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Clinic at the Royal Children's Hospital

Lymphoedema is a rare condition in which affected people have swelling of one or more limbs or more rarely other areas. This can be quite disabling for children but can affect people of all ages. It is due to structural problems with the lymphatic system so that there is an accumulation of lymphatic fluid in the body's tissues. There is either too few lymphatics (vessels which carry the fluid) or the lymphatics don't work properly.

There are two types of lymphoedema. Primary lymphoedema occurs when the lymphatic system is underdeveloped. It is usually determined from birth, but may not appear until puberty or at a later age. Secondary lymphoedema occurs often after surgery or treatment for cancer (mostly in adults). With treatment most patients can lead a normal life, managing their condition. Without treatment the swelling gets progressively worse and complications can develop.

The following practitioners at CPMG have expertise in the assessment and management of lymphoedema in children and adolescents:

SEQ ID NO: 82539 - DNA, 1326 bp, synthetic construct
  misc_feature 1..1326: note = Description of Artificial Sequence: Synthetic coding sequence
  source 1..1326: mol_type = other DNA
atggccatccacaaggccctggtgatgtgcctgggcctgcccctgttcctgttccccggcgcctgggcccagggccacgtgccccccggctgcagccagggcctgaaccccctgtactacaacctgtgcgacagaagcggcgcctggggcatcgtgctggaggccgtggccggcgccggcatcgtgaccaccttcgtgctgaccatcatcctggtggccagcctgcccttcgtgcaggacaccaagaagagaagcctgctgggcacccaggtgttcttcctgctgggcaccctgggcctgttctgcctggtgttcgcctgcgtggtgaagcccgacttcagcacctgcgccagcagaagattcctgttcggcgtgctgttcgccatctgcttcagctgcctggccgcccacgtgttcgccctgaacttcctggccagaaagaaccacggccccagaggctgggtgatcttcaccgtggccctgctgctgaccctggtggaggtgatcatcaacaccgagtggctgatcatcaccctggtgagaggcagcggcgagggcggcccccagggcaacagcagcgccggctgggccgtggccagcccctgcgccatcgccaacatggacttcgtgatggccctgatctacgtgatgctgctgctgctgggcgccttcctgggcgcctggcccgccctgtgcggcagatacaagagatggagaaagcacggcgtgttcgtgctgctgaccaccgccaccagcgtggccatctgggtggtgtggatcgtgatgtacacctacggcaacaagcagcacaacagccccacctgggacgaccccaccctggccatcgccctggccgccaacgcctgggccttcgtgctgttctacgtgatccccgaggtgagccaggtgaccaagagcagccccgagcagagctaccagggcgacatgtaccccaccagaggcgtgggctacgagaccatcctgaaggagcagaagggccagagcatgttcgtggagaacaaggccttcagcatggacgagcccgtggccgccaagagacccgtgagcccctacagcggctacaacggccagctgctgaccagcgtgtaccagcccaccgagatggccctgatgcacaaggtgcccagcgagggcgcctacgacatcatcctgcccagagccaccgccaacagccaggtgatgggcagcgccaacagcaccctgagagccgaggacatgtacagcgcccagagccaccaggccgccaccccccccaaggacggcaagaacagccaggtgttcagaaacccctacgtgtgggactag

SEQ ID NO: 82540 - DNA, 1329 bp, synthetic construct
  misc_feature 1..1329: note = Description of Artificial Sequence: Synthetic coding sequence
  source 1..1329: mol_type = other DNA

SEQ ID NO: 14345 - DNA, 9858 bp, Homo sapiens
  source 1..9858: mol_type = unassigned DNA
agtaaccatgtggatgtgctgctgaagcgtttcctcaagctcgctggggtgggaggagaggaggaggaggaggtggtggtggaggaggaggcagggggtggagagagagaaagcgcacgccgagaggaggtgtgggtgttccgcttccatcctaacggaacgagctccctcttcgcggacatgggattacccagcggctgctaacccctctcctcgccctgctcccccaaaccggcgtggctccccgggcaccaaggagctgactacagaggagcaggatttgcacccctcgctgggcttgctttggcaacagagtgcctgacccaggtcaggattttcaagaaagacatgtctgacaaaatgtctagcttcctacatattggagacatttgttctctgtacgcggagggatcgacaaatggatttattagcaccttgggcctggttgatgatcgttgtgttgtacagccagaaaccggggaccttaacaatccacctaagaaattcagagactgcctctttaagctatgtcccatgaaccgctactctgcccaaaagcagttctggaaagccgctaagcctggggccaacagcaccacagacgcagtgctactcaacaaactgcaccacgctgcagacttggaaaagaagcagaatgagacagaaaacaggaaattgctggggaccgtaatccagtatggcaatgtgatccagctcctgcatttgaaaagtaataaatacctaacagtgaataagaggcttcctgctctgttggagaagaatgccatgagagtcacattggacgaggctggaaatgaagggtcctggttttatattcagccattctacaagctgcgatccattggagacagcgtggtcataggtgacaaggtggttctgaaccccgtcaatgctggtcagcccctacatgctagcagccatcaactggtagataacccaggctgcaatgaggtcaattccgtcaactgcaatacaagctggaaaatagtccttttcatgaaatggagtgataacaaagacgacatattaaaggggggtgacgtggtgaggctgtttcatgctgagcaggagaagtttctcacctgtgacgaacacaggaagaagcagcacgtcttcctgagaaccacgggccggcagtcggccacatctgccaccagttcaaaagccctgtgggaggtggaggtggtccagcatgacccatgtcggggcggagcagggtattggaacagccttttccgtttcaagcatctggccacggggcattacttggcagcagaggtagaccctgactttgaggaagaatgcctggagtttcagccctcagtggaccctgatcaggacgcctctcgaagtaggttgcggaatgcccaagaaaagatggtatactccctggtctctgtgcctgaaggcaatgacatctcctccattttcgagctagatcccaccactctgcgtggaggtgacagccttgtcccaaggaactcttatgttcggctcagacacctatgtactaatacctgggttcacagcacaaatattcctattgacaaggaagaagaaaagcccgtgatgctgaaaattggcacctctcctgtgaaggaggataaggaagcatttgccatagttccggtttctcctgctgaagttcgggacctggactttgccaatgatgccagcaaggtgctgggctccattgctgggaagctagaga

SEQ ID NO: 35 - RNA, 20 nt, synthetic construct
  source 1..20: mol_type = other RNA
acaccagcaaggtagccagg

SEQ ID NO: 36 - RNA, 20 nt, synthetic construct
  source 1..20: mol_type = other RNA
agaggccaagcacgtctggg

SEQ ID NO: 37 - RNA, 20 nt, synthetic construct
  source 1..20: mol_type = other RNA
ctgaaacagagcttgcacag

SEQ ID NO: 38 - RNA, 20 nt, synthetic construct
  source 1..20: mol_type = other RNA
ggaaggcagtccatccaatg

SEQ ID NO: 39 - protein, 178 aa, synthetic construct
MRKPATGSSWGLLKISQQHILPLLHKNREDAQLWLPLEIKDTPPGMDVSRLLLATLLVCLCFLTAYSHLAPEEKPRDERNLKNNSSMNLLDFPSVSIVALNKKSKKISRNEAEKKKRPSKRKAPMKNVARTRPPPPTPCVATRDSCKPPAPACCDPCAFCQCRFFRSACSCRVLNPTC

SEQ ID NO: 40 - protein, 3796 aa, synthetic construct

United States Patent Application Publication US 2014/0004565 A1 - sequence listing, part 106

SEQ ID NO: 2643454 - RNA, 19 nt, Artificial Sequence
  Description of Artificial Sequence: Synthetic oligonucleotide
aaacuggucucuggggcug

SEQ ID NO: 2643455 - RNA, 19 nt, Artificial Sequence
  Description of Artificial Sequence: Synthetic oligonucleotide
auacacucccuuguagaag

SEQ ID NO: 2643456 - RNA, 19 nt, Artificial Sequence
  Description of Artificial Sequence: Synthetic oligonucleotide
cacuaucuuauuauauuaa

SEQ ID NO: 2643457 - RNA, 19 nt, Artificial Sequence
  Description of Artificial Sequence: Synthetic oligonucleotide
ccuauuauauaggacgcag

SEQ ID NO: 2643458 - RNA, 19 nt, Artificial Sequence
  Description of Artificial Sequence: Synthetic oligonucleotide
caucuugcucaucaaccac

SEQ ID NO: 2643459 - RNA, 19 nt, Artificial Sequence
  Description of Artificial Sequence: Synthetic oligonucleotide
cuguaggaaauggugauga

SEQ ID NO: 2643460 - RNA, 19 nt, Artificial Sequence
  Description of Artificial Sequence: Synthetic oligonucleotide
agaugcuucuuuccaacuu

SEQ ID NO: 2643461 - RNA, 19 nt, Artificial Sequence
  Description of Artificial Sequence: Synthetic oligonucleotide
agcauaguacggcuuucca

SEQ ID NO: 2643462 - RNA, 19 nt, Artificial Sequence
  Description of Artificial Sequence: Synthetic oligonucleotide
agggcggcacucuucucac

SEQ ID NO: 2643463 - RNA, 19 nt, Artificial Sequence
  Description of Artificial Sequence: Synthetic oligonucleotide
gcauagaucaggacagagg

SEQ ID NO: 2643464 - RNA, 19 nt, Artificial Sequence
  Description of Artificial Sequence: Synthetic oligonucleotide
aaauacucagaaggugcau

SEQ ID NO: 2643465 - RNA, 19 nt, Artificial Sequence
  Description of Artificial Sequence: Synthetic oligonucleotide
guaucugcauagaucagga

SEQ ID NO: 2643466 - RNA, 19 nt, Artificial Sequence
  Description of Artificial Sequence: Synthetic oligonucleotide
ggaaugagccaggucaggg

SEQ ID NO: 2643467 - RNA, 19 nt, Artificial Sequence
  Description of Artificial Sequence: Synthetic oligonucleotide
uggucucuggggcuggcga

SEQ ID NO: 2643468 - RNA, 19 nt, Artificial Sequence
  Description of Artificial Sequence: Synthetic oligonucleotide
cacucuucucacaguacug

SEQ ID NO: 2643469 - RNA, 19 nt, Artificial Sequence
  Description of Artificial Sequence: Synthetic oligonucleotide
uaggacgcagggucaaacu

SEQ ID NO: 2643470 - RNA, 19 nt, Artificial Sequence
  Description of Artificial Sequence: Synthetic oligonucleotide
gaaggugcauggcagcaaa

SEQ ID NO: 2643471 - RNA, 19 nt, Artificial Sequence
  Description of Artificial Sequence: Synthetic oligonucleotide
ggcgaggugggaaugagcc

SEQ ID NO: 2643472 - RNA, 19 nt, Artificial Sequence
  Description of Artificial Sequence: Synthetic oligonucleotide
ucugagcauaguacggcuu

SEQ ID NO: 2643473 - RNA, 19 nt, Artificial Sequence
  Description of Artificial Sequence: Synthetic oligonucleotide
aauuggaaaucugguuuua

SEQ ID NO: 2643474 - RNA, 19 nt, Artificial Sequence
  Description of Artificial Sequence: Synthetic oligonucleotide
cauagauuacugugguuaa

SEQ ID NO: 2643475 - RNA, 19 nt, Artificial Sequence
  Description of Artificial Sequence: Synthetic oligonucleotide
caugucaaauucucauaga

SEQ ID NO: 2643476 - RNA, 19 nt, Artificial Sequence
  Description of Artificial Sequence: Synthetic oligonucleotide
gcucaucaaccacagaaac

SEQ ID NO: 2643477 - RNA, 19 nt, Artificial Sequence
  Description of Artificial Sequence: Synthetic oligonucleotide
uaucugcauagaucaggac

Julian is an experienced paediatrician who currently holds appointments as a general paediatrician in the department of General Medicine at the Royal Children’s Hospital and as a research fellow in the University of Melbourne Department of Paediatrics.

His areas of interest include acute general paediatrics, learning and behavioural disorders and lymphoedema.

Julian also has experience in international child health, working as a WHO consultant in the People’s Republic of China and the Solomon Islands.

Jane is a lymphoedema physiotherapist who worked at Mercy Health Lymphoedema Services for more than 12 years, more recently as the Senior Clinician, seeing men, women and children with both primary and secondary lymphedema.

She contributes to both state and national lymphoedema professional associations, having been on the Australasian Lymphology Association’s Council as State Representative and Knowledge Development Portfolio Manager (2008- 2014).

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